Friday, January 3, 2014

A Constructive Agenda for the AAP [Arvind Kejriwal]

Despite missteps, Arvind Kejriwal and his party could move beyond an attacking strategy to improve our polity

The turn of events that catapulted Arvind Kejriwal and the Aam Aadmi Party (AAP) to power in  may have flabbergasted them as much as anyone else. It might all fizzle out if they take a hard line, following the vengeful path they espoused during their campaign, thereby losing the chance to govern with outside support. But what if they take a more constructive approach? If they govern at least for some time, it could seed some real improvement. At best, acting responsibly in the public interest while eschewing the populism that has worked so far, they could become a major party. Even if the AAP is reduced to a swing vote, it could still have a salutary effect on all parties. This consideration of strengths, weaknesses, opportunities and threats shows why.


The AAP has attributes favouring the public interest:
  • integrity (despite some failings);
  • openness, transparency;
  • clean, transparent election funding;
  • antipathy to feudal trappings/"VIP culture";
  • belief in systems (perhaps).

Given Mr Kejriwal's engineering education, his admiration of the Delhi Metro, and his efforts to appoint officers of integrity in key positions, it is possible that integrity, rationality and a systems approach may prevail in governance. Despite anomalous manifestations on the path to power, popular pressure may now hold the AAP and its members to objective standards, besides compelling other parties and politicians to aspire to these standards. Witness Rahul Gandhi's denunciation of the ordinance to protect convicted lawmakers, or his intercession on the Adarsh Commission report (although the Bharatiya Janata Party, unfazed, is seeking electoral gains through sectarian alliances in Karnataka). The other major development is that Mr Kejriwal has emerged as a strong, charismatic leader. This factor alone, which could send the party and the man hurtling in either a positive or negative direction, is of profound importance, because we have sorely lacked such leadership.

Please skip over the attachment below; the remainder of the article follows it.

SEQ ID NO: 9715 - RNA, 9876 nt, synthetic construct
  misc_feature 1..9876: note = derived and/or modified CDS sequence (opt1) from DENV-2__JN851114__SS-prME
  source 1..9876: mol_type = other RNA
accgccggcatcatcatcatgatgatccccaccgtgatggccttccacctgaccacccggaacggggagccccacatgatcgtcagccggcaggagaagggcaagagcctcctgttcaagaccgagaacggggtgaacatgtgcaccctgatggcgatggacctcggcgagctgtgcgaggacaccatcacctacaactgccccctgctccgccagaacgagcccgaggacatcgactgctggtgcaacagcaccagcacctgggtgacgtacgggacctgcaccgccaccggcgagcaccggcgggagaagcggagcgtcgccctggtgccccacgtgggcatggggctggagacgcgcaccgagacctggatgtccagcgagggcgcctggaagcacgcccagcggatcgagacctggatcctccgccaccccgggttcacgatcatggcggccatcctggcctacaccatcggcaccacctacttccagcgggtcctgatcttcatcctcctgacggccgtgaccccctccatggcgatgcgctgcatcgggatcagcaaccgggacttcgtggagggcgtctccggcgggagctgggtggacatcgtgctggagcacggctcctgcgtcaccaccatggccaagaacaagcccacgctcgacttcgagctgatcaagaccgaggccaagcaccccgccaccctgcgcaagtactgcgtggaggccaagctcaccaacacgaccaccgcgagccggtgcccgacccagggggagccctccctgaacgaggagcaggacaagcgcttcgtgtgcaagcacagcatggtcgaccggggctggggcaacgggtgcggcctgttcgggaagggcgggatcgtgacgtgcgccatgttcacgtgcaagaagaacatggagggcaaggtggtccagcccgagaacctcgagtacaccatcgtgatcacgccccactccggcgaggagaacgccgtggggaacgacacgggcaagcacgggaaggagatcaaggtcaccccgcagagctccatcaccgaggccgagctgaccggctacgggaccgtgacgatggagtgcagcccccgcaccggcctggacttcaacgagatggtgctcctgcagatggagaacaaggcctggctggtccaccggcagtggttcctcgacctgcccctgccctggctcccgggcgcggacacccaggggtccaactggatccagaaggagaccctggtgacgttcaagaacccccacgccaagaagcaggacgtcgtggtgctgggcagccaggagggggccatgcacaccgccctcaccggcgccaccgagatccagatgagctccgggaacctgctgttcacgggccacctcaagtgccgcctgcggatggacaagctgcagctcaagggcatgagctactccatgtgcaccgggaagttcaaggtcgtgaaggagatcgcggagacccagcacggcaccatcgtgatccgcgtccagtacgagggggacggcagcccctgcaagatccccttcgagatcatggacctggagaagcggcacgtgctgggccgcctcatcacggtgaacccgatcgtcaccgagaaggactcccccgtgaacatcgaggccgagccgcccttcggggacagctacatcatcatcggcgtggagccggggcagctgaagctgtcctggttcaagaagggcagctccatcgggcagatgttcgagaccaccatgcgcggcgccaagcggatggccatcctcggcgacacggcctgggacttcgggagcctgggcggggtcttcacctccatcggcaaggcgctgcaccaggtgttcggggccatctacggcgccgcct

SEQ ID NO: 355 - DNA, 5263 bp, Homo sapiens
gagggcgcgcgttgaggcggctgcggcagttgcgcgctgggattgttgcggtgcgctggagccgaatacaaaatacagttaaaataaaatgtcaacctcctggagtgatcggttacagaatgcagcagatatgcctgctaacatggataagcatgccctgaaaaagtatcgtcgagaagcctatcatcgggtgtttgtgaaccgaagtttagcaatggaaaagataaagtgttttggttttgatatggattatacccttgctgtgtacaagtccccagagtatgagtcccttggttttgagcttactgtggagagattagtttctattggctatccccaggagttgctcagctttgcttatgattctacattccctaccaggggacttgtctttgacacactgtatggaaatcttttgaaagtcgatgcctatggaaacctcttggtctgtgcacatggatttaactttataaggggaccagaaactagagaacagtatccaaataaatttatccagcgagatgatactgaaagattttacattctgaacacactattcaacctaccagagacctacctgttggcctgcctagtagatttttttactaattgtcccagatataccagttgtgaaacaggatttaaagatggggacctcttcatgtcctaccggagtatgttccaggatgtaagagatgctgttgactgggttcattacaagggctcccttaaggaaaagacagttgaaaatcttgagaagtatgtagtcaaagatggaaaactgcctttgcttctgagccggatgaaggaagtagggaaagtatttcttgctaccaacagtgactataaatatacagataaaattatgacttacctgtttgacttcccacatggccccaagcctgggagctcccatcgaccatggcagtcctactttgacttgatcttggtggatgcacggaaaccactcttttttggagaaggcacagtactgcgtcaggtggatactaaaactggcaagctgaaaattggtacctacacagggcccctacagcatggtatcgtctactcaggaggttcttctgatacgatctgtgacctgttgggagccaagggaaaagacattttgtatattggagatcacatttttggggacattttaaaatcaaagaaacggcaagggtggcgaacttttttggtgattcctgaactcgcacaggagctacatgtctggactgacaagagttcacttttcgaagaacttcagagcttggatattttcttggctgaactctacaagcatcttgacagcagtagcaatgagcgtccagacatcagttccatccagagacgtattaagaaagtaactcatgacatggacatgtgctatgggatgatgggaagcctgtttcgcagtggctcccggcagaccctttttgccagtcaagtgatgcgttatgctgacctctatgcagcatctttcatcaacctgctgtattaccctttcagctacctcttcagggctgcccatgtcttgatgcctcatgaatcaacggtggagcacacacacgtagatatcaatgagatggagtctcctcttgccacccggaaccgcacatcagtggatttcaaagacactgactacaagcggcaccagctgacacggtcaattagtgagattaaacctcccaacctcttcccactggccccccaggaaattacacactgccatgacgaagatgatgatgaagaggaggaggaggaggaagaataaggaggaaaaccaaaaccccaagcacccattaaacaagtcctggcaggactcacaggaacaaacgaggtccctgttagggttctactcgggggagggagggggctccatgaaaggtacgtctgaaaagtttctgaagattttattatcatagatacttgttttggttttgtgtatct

The AAP and Mr Kejriwal also have negative attributes that go against the public interest. They have displayed a defiance of established order combined with a readiness to take to the streets, and a tendency to exclude non-believers. One could argue that this is required to effect change in the face of our predatory politics. But the AAP's populist electioneering is difficult to justify except that it was a winning strategy for the party and Mr Kejriwal. Retrograde ways - such as operating through coteries, a self-righteous belief in their moral superiority, and confused socialism - are likely to end badly for them, for the public, and for the economy.

There's little evidence of systems yet. In fact, quite the contrary in their manipulative histrionics, including the reduced electricity charges and free water. Mr Kejriwal's contradictory behaviour could lead to a personality cult that subverts professionals with objectivity and integrity, and results in more anarchy. For instance, branding all tax inspectors as corrupt, or asking "honest officers" to approach him directly, thereby encouraging breaking ranks instead of instilling coherence and esprit de corps. The problem will be if these headstrong acts bankrupt and demoralise the capital.